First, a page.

Are you worried that can teething cause vomiting? It can be stressful when your little one is cranky, drooling, and unusually tired—so it’s understandable if you are concerned that their discomfort could be causing these episodes of vomiting.
Don’t panic just yet! In this post, we provide some insight into why babies might vomit from teething and how to help soothe the trouble spots. Read on for all the helpful tips!
What Are Teething Symptoms?
Teething is a natural process in which babies and toddlers get their first set of teeth. During this time, they may exhibit certain behaviors and physical symptoms that indicate they are teething.
Knowing what to look out for can help you provide comfort and support during this sometimes uncomfortable process. Let's dive into the typical symptoms, as well as other indications that your child may be teething.
By knowing these symptoms of teething you will be able to treat your child on time.
- Swollen gums
- Sore gums
- Difficulty sleeping
The following symptoms are the most common ones. The swollen gums may be hard to see, but they can usually be felt with gentle pressure on your baby’s gumline.
Your baby may also be more irritable than usual during teething and may not want to eat or drink as much as usual. Babies may also have difficulty sleeping due to pain from their tender gums, making for an overtired little one!
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- Cough diarrhea high fever
- Vomiting (if vomiting persists for an extended period consult your pediatrician)
- Agitation breathing difficulties, difficulty falling asleep
- Refusal of liquids
These other symptoms should not be ignored, as they could indicate something more serious than just teething such as a bacterial or viral infection, stomach infection, or food allergy. If these other symptoms accompany vomiting that persists or if your baby has a high fever and rash, contact your pediatrician right away.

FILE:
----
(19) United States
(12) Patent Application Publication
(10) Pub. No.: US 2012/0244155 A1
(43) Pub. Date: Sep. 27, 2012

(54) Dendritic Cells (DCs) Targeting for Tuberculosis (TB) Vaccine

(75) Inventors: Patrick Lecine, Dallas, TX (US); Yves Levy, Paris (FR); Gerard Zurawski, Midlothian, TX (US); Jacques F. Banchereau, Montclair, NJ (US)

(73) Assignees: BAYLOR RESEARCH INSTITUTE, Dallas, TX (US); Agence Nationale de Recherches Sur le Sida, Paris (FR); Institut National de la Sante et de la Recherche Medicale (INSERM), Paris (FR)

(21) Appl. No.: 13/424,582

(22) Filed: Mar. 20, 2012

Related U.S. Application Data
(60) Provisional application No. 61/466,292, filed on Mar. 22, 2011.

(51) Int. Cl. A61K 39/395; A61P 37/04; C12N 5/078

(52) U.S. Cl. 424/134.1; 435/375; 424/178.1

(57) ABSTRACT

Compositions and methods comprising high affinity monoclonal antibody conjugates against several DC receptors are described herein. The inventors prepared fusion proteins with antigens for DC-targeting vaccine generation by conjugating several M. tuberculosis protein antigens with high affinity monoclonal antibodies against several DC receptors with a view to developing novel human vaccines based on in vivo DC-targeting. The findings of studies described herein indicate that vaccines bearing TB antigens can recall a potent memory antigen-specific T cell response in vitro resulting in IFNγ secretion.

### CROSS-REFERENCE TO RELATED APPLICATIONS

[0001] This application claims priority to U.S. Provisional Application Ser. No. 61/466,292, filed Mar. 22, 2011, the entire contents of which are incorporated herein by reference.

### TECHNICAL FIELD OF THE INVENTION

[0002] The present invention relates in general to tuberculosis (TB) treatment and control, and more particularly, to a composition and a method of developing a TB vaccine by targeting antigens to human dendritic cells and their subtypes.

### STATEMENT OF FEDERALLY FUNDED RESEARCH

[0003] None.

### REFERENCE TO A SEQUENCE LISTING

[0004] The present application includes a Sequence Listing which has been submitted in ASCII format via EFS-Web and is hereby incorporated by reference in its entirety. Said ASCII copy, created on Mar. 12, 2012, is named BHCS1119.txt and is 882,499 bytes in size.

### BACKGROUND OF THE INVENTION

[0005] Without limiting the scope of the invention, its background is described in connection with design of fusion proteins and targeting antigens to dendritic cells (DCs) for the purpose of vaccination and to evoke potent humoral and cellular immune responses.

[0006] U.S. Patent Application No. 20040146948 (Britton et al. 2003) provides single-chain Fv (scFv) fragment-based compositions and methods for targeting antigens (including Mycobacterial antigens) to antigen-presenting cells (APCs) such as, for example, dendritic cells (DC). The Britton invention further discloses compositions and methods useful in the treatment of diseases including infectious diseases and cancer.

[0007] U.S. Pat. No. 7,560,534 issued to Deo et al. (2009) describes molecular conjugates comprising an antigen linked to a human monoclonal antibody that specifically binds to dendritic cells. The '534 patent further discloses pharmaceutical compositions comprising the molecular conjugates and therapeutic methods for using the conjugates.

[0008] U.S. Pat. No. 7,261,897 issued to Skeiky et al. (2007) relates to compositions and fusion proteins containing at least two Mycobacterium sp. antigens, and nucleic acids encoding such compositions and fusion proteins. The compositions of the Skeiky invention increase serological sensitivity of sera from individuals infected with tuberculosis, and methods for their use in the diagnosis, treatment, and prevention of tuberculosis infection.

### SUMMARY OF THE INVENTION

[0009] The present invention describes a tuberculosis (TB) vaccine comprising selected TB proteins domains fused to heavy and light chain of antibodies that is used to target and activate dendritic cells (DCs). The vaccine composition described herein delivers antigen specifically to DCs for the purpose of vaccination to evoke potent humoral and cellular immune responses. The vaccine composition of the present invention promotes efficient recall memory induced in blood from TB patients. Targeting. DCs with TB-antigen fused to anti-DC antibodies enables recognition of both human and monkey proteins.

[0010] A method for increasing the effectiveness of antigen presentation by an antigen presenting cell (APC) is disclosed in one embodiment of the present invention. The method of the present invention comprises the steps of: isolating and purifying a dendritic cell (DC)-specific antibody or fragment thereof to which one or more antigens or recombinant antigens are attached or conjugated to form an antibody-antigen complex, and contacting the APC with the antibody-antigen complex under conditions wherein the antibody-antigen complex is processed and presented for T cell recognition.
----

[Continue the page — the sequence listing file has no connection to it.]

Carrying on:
Treat Teething Babies
There are many ways for soothing sore gums and make them feel better while their teeth come in. Here are a few tips you can try at home:
- Massage the gums with a clean finger or moistened gauze pad; this will help reduce inflammation around the emerging tooth.
- Offer your baby cold foods such as applesauce, yogurt, or mashed banana; this will provide temporary relief for sore gums.
- Give your baby something cold (but not frozen) such as a chilled washcloth or plastic teether filled with liquid; this will help numb the area around the emerging tooth and relieve temporary discomfort.
Read More: How To Clean A Baby's Ears
Why Vomiting Can Occur While Teething
Vomiting during teething is caused by a combination of factors. These include:
- Inflammation in the gums (Swollen gums) can cause nausea, leading to vomiting or even diarrhea in some cases.
- As teeth begin to come through, saliva production increases, which can lead to vomiting if swallowed in large amounts.
- Babies may swallow more air than usual when they are teething, leading to uncomfortable feelings of fullness and nausea. This can result in vomiting as well as burping and hiccupping.
- When babies are in pain from teething, they may become increasingly irritable, which can also lead to vomiting due to stress and anxiety.